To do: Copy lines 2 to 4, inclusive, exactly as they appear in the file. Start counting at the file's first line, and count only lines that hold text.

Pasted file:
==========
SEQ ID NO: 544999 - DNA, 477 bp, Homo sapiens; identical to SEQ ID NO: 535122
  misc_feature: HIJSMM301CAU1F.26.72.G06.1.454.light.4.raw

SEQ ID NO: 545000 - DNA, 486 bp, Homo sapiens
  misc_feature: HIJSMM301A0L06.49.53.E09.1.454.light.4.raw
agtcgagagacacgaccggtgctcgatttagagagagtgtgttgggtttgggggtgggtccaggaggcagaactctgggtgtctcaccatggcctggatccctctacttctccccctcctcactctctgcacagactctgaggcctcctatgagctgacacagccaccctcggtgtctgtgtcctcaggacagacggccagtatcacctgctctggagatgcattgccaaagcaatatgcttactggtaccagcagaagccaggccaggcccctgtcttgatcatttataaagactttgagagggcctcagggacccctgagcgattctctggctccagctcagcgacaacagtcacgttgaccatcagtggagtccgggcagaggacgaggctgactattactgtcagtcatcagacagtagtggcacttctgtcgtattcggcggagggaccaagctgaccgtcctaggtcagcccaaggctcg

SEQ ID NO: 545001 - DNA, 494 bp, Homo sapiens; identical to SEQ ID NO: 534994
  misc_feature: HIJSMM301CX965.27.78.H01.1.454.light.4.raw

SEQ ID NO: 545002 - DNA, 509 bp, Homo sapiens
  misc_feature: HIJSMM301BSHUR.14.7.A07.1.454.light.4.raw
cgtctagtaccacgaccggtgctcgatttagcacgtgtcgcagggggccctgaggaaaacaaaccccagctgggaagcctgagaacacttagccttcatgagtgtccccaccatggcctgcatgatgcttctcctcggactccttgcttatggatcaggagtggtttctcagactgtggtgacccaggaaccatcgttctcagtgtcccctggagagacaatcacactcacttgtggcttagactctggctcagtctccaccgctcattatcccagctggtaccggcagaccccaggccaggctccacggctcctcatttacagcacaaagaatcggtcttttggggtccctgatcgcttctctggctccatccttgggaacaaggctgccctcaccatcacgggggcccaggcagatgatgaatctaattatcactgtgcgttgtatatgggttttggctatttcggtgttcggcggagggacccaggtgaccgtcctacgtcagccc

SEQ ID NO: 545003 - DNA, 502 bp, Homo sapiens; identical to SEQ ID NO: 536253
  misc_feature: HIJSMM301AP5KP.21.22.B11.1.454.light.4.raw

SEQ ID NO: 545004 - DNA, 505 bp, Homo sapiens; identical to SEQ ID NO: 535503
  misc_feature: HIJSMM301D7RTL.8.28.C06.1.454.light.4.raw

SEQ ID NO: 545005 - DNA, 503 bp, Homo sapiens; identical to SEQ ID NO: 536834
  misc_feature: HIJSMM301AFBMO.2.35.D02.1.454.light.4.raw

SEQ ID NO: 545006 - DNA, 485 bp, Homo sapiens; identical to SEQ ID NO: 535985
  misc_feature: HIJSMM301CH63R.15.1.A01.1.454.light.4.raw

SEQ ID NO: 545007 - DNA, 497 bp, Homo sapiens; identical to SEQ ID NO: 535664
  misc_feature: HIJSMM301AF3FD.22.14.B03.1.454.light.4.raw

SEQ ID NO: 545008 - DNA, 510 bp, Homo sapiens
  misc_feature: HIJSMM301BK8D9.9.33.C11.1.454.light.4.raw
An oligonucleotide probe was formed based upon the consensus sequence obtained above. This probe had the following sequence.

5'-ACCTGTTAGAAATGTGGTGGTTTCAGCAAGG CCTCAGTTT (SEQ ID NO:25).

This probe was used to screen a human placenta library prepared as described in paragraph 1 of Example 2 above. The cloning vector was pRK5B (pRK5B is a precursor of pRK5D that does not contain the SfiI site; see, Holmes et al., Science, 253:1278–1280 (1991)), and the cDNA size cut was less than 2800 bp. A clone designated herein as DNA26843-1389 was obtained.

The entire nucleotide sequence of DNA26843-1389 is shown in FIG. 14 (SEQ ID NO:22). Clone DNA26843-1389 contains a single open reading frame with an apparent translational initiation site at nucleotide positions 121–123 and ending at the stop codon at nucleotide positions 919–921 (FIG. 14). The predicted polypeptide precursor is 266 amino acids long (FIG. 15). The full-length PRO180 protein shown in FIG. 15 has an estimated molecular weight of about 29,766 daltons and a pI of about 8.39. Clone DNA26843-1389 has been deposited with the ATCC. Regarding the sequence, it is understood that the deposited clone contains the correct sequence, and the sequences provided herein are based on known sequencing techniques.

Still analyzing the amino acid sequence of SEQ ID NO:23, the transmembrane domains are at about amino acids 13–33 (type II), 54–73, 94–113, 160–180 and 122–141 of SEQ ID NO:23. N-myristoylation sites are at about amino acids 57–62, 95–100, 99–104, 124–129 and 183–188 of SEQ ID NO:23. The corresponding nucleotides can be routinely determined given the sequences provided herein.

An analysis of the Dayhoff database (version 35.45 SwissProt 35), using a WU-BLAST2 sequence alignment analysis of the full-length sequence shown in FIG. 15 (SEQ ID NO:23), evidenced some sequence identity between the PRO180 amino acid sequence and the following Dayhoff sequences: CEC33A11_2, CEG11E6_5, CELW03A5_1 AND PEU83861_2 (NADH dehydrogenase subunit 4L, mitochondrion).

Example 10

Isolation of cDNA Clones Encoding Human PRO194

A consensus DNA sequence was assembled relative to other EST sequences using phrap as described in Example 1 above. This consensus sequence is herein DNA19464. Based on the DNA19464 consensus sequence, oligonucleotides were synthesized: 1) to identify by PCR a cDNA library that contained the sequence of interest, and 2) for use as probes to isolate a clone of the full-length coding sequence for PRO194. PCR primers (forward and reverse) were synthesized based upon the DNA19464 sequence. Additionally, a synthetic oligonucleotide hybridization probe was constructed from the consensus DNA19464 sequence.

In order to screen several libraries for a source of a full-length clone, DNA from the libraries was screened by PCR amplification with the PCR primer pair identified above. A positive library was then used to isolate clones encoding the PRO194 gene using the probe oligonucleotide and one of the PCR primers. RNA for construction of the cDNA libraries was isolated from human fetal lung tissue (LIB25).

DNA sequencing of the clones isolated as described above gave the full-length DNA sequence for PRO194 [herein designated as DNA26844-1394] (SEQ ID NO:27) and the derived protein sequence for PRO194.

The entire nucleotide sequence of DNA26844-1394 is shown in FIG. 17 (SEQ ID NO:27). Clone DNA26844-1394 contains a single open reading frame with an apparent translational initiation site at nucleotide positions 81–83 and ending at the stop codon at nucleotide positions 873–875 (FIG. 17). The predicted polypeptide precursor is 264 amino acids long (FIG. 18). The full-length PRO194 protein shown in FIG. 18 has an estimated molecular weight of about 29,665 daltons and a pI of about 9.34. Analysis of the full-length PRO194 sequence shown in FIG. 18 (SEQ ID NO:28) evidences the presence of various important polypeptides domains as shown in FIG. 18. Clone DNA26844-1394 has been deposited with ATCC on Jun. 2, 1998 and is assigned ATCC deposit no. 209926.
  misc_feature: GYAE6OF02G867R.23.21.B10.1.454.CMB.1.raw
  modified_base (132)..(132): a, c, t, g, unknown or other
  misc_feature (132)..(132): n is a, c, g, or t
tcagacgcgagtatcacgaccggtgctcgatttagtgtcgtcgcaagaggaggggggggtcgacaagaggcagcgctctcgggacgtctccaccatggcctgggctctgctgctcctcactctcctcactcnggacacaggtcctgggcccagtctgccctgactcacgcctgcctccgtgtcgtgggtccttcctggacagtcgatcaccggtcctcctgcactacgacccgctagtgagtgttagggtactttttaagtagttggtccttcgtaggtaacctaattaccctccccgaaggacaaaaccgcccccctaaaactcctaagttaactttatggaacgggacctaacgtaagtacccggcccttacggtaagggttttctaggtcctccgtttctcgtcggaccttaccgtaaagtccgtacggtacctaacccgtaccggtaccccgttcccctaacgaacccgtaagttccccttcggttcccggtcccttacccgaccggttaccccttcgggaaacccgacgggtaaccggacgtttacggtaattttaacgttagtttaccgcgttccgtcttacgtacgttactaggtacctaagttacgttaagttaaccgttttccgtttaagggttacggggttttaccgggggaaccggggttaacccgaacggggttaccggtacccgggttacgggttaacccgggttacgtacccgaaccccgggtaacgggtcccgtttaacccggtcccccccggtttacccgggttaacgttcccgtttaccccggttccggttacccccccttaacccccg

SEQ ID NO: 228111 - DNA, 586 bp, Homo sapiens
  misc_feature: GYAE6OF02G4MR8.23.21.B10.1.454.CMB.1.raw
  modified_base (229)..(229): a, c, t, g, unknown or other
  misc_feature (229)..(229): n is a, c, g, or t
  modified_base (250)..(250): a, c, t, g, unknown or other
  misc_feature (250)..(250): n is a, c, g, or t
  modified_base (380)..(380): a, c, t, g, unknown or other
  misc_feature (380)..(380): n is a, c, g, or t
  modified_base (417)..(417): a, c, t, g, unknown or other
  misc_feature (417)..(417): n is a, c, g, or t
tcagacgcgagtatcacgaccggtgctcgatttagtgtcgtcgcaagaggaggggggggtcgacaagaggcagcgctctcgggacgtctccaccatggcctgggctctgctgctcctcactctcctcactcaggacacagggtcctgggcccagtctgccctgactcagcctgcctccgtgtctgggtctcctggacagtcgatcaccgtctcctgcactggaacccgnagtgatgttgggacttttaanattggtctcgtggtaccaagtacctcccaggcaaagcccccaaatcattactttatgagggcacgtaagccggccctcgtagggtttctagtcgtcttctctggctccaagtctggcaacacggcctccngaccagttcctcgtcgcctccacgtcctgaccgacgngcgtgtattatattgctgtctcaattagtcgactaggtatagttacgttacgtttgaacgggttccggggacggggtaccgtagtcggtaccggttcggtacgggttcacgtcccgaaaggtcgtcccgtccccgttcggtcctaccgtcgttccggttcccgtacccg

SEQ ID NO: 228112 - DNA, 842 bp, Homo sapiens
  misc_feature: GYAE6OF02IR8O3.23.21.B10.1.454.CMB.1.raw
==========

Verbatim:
  misc_feature: HIJSMM301CAU1F.26.72.G06.1.454.light.4.raw

SEQ ID NO: 545000 - DNA, 486 bp, Homo sapiens
  misc_feature: HIJSMM301A0L06.49.53.E09.1.454.light.4.raw